In some alternative embodiments the knob or other input device may provide means for sighted users to input the type of transaction that the user would like to conduct. This may be done for example by including on the ATM display outputs which correspond to positions of the knob. Thus for example the ATM display may include icons corresponding to a number of different transaction options as the user rotates the knob. The particular transaction option corresponding to the correct knob position may be highlighted or otherwise indicated. In this way the user by rotating the knob can select any one of many possible transaction options that are indicated on the screen. Alternatively in some embodiments the outputs through the screen may be supplemented with audible outputs which indicate to the user the nature of the transaction option currently corresponding to the position of the knob. Such transaction options may be also arranged in numerous ways on the screen. This may include arcuate arrangements of indicia as previously discussed, or linear arrays of options which are highlighted as the knob is moved to different positions. In exemplary embodiments because of the numerous possible angular positions of the knob it is possible to have a large number of transaction options corresponding to different knob positions. These transaction options may in many cases correspond to a larger number of options than would be possible using the function keys that may be adjacent to an ATM display screen. Of course this approach is exemplary of approaches that may be used.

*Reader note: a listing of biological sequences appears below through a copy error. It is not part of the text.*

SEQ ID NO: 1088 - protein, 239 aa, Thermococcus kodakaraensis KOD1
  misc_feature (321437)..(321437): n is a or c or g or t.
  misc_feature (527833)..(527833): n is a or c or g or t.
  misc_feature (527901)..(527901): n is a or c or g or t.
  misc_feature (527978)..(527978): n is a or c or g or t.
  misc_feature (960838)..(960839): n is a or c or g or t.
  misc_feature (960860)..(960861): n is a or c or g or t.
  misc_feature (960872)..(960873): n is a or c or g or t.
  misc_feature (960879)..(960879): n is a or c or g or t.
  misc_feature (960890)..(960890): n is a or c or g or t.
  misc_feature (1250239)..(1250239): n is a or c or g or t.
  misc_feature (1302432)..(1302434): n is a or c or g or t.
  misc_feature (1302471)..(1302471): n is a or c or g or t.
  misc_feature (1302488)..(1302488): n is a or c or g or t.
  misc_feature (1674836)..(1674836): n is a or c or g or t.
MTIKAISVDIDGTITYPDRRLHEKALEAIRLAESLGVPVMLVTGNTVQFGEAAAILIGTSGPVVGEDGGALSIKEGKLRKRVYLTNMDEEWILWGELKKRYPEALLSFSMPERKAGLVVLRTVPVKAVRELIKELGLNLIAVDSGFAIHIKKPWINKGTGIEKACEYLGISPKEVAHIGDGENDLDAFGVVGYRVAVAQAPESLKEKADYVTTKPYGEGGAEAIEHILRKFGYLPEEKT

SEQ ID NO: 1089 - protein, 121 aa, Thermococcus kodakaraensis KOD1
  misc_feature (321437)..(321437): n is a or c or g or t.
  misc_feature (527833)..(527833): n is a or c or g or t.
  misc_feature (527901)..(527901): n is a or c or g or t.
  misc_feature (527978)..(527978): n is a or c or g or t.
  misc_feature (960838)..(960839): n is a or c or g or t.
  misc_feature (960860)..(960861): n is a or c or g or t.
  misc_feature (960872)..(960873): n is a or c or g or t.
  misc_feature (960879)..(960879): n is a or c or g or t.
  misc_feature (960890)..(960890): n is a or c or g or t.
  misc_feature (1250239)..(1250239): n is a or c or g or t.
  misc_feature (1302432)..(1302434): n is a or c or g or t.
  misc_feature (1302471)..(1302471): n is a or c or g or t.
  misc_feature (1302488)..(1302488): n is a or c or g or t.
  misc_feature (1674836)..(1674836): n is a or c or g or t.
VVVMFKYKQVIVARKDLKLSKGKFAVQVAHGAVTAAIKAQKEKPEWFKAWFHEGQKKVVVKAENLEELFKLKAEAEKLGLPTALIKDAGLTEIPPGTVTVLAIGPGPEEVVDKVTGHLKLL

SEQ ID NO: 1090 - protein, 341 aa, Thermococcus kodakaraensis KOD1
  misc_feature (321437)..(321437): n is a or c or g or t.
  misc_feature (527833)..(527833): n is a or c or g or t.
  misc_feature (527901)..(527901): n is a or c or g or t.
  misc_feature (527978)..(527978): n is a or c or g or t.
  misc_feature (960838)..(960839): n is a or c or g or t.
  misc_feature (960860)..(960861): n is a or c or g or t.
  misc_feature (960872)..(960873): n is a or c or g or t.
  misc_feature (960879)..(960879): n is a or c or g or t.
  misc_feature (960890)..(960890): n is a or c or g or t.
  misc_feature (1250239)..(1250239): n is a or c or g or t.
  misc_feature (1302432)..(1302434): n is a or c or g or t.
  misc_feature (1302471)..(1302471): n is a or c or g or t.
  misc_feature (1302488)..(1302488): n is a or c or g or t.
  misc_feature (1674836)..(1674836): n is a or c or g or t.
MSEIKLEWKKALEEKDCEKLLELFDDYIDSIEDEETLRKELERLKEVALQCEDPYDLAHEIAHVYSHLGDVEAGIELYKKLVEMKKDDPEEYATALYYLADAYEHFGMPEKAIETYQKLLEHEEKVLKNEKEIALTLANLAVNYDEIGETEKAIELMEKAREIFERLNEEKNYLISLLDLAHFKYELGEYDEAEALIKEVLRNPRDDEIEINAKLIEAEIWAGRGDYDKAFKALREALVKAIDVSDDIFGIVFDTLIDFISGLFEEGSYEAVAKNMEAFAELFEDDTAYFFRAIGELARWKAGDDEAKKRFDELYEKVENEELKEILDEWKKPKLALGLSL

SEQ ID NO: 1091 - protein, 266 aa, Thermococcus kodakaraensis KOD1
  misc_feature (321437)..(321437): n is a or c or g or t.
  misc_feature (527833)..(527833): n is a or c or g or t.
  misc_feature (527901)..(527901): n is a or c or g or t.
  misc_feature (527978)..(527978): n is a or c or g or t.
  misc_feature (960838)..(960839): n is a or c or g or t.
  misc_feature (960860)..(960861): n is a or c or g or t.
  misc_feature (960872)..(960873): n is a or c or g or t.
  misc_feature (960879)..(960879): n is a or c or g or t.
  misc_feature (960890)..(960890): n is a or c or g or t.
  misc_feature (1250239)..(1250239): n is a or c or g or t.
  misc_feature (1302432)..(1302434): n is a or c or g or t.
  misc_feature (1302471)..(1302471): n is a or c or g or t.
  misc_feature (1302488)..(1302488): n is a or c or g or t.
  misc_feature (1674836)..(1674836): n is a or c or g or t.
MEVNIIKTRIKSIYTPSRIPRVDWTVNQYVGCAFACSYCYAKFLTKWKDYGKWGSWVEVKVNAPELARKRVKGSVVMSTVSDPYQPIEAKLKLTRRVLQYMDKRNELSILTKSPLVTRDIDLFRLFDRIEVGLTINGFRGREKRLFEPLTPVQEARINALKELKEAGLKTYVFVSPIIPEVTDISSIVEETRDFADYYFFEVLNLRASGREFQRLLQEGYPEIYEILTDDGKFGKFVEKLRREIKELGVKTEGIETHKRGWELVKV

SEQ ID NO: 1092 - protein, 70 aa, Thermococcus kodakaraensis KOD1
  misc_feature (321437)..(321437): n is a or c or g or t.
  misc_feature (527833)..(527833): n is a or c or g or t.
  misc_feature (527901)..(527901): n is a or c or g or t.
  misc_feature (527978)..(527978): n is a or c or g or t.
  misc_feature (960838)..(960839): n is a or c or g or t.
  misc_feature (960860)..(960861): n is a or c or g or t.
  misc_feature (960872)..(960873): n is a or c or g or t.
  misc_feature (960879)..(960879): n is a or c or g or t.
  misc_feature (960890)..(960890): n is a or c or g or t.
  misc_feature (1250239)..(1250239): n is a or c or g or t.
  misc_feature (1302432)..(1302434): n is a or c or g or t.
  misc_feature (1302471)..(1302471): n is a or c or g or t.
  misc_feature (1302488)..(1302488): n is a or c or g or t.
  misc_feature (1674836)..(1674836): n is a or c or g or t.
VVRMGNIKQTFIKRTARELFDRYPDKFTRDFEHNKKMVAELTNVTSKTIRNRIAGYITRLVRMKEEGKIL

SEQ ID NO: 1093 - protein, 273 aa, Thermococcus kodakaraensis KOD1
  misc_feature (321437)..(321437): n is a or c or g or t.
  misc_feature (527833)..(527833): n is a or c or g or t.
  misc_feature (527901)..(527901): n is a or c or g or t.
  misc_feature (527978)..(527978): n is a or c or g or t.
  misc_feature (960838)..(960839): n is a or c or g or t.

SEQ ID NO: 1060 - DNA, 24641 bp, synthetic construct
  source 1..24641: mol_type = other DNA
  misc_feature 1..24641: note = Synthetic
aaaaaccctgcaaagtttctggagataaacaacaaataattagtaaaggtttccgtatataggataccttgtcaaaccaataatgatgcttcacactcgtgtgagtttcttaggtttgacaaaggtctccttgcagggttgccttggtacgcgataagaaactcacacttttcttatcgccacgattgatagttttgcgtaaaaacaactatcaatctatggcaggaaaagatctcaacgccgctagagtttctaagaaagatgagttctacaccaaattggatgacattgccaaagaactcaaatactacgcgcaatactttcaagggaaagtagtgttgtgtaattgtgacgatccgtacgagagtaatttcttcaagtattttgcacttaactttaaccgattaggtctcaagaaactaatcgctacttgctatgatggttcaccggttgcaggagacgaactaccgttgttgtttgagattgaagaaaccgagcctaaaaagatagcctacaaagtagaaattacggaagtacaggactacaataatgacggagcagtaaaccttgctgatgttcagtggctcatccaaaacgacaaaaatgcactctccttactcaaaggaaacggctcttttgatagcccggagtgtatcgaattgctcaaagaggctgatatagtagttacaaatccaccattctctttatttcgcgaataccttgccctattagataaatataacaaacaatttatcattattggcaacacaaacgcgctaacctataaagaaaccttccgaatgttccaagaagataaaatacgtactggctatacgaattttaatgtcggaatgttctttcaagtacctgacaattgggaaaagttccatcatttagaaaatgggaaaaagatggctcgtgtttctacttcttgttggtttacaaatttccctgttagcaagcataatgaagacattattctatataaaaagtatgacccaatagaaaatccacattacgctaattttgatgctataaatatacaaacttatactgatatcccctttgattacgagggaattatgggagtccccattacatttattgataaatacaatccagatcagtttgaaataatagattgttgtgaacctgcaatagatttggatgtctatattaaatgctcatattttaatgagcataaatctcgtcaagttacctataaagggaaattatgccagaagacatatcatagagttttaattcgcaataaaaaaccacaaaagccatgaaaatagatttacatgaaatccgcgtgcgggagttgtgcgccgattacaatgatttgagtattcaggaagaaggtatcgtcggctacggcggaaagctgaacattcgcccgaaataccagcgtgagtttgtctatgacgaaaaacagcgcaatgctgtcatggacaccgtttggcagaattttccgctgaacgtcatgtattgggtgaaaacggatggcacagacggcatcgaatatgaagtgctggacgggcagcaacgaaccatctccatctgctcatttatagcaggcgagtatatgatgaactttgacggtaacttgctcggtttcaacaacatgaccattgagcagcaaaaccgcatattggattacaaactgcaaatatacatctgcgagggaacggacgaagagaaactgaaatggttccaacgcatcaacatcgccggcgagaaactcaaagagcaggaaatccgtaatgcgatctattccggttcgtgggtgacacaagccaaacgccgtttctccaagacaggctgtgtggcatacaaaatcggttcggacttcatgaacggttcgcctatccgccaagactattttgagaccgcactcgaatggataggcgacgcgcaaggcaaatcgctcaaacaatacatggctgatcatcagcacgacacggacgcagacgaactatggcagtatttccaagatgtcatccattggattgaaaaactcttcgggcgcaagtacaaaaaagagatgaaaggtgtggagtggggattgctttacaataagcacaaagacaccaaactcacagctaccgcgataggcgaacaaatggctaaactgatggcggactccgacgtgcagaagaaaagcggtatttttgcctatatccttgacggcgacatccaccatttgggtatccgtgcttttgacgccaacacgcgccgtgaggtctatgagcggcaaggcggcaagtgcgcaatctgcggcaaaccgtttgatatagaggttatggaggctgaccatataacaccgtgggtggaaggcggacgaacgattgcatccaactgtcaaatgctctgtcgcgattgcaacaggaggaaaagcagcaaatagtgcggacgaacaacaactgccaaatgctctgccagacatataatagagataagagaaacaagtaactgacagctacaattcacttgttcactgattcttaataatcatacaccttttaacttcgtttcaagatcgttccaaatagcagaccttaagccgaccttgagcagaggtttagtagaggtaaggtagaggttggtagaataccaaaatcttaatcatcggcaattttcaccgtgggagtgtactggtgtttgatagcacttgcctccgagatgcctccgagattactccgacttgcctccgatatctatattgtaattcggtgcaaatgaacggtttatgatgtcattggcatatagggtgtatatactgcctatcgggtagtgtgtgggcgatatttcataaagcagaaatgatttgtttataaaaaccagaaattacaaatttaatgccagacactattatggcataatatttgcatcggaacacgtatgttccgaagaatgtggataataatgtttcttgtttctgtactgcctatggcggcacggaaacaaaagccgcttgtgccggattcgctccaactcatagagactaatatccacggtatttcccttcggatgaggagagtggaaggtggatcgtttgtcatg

In the exemplary embodiment of ATM 370 the user is also enabled to select an amount associated with the transaction type, through movement of the knob. For example, if the user has selected a cash withdrawal as their transaction type, the computer may cause the machine to audibly output to a user instructions indicating that to select the amount of cash to be dispensed, the user should rotate the knob until the desired amount of cash is heard and then to press inwardly on the knob. In response, the user may rotate the knob through a plurality of positions with a computer audibly outputting a dollar value as the knob moves into each position until the desired amount is heard by the user. Thereafter the user presses on the knob to select the cash amount.

It should be understood that in the exemplary embodiments for other transaction types, the computer may operate in a similar manner to have the user provide amount inputs, but may also enable the user to input both dollars and cents amounts. For example, if the user is making a deposit the computer may operate to cause an audible output to be given to the user instructing them to rotate the knob until the dollar amount associated with the deposit is output, and then to press on the knob. In response to rotation of the knob and the ATM receiving the selection, the computer thereafter audibly instructs the user to rotate the knob until a numeral corresponding to the cents in the value of the deposit is output. Thereafter, the user may rotate the knob until the cents value is output, and then the user presses on the knob. Of course these approaches are exemplary, and in other embodiments other approaches may be used.